How we do it:

1. How can we determine when the words are grouped?

This is an area where size really matters. Moz has a huge keyword corpus of over 2 billion keywords, and we raised the volume of Google for hundreds of millions of them. Because of this, we can identify the rare occasion when two words have the same historical research data (same CPC, competition, volume, etc.). Sometimes two words share the same history by chance, so that we then use a variety of NLP and chain-similarity measures, including a learning model in incredible depth constructed by Dr. Matt Peters to determine whether the keywords are linked to each other. It is important to use multiple methods because the string-similarity methods are notoriously fickle. Once we apply these various parameters string similarity to all keywords with the same metric, we can identify those who are grouped by keywords Planner.

2. Once we know what the words are grouped, how the volume of each?

Once we have a group of related terms, we apply a predictive model based on data from both Google and our clickstream sources to determine the appropriate percentage of traffic that should be allocated to each word or phrase. Again, this is where having a broad set really shines data. Without detailed information on the constituent sentences, we would have to make unwarranted assumptions about how to divide the bulk volume. Fortunately, this is rarely the case, and we choose to be explicit with our customers and the state "no data" when we do not have enough data to make a prediction.

3. How can we determine the volume of keywords when we do not have data Planner Google Keyword?

Fortunately, we can rely on our vast clickstream data for these calculations. clickstream data is inherently noisy and biased, so our models are complete enough to eliminate random occurrences, strip bias in the sample data, and the model projected against the general corpus Google traffic. There is a chicken / egg problem here, to a degree, because we can not model against Google's data if it has grouped-keyword problems, but we can not solve all the problems of keywords grouped without clickstream data. However, as long as we are reasonably certain that clickstream data is proportional internally, then we can count on it to solve the first problem grouping, then use the data of keywords separated planner to model against data General clickstream. It is a complex procedure, but in the end, we can reasonably predict the monthly search volume without ever having data from Google.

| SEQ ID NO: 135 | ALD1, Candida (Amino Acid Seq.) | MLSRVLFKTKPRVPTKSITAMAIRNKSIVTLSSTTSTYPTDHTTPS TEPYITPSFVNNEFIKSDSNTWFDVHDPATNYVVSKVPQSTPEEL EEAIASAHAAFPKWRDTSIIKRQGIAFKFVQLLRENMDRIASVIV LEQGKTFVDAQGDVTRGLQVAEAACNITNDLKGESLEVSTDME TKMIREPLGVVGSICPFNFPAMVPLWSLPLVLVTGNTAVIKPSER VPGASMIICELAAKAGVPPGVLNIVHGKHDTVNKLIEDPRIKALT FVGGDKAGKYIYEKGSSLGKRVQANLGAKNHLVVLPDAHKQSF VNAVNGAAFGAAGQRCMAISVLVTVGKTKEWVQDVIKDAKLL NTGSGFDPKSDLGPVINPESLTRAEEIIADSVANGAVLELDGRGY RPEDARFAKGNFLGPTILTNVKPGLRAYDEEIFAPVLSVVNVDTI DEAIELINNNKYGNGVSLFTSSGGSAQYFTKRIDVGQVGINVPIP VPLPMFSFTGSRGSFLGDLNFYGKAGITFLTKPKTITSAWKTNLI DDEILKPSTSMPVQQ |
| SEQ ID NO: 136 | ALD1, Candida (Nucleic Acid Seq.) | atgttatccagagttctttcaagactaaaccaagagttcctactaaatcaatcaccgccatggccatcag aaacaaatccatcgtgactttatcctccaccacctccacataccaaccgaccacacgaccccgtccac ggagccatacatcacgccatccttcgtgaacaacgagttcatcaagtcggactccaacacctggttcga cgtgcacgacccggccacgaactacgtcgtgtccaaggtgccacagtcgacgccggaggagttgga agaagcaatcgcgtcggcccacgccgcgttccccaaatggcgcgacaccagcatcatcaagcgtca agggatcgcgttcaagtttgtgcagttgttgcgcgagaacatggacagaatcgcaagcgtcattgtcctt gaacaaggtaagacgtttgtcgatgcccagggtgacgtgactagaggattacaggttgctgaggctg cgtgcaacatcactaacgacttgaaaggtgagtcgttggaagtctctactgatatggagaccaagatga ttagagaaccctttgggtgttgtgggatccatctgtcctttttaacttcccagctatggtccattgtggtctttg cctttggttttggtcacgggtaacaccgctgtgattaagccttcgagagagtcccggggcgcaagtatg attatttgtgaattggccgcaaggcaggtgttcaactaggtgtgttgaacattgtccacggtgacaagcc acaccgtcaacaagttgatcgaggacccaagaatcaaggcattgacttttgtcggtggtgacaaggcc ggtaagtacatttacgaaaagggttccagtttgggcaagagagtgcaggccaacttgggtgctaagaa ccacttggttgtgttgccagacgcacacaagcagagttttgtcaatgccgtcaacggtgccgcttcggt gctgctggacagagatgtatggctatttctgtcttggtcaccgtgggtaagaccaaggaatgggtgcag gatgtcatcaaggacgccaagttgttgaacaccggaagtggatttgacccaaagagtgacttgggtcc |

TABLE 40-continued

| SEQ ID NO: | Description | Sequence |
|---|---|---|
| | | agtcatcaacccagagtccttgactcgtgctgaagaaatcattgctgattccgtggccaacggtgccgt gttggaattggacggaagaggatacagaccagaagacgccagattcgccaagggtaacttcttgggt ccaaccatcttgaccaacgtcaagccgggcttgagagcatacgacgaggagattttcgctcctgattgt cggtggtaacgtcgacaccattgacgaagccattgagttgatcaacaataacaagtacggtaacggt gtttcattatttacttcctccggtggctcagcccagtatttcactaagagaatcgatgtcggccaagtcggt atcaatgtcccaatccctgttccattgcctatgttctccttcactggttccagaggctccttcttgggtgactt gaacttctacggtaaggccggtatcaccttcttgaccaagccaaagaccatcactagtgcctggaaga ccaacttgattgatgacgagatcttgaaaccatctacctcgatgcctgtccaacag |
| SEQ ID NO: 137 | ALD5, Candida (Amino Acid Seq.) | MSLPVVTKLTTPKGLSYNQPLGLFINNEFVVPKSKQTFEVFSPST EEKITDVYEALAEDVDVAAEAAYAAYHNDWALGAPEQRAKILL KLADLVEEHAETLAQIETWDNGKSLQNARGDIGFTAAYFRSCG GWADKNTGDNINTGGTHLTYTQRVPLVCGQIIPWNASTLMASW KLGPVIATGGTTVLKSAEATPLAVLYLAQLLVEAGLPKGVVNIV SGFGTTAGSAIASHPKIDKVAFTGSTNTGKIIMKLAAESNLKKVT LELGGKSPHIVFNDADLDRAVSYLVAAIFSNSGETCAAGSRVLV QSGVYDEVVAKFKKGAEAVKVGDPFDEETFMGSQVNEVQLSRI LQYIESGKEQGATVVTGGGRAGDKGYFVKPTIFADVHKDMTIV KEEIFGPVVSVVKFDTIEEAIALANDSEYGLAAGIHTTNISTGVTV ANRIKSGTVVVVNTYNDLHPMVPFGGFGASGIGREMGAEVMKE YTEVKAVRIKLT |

Let me give you an example. Khizr Khan, father Purple Heart recipient Captain Humayun Khan, caused a political uproar following his speech at the DNC convention. His story is a common problem in the keyword data in that, before his speech, nobody ever searched his name. After his speech, his name shot at Google Trends but even then the Google Keyword Planner was delayed in reporting its numbers due to long months of delays in data dissemination. Because our clickstream data can pick up on trends, we can predict the volume of Google without the need for data Planner Google Keyword.

Khizr Khan-example

This is also the case for keywords that are not a trend. If we see a term that is regularly searched in our clickstream data, but are not represented in our set of Google data, we can make predictions without having to rely on misleading potential (volumes grouped) or inaccessible data sources that Google Keyword Planner has become.

A long story short

If you are a user password Moz Explorer, you can be sure we will continue to deliver metric state-of-the-art, regardless of the difficulty of Google provides keyword planning data. This is just another way that the keywords Moz Explorer continues to lead the way in the search keyword. If you need keyword data, come get it.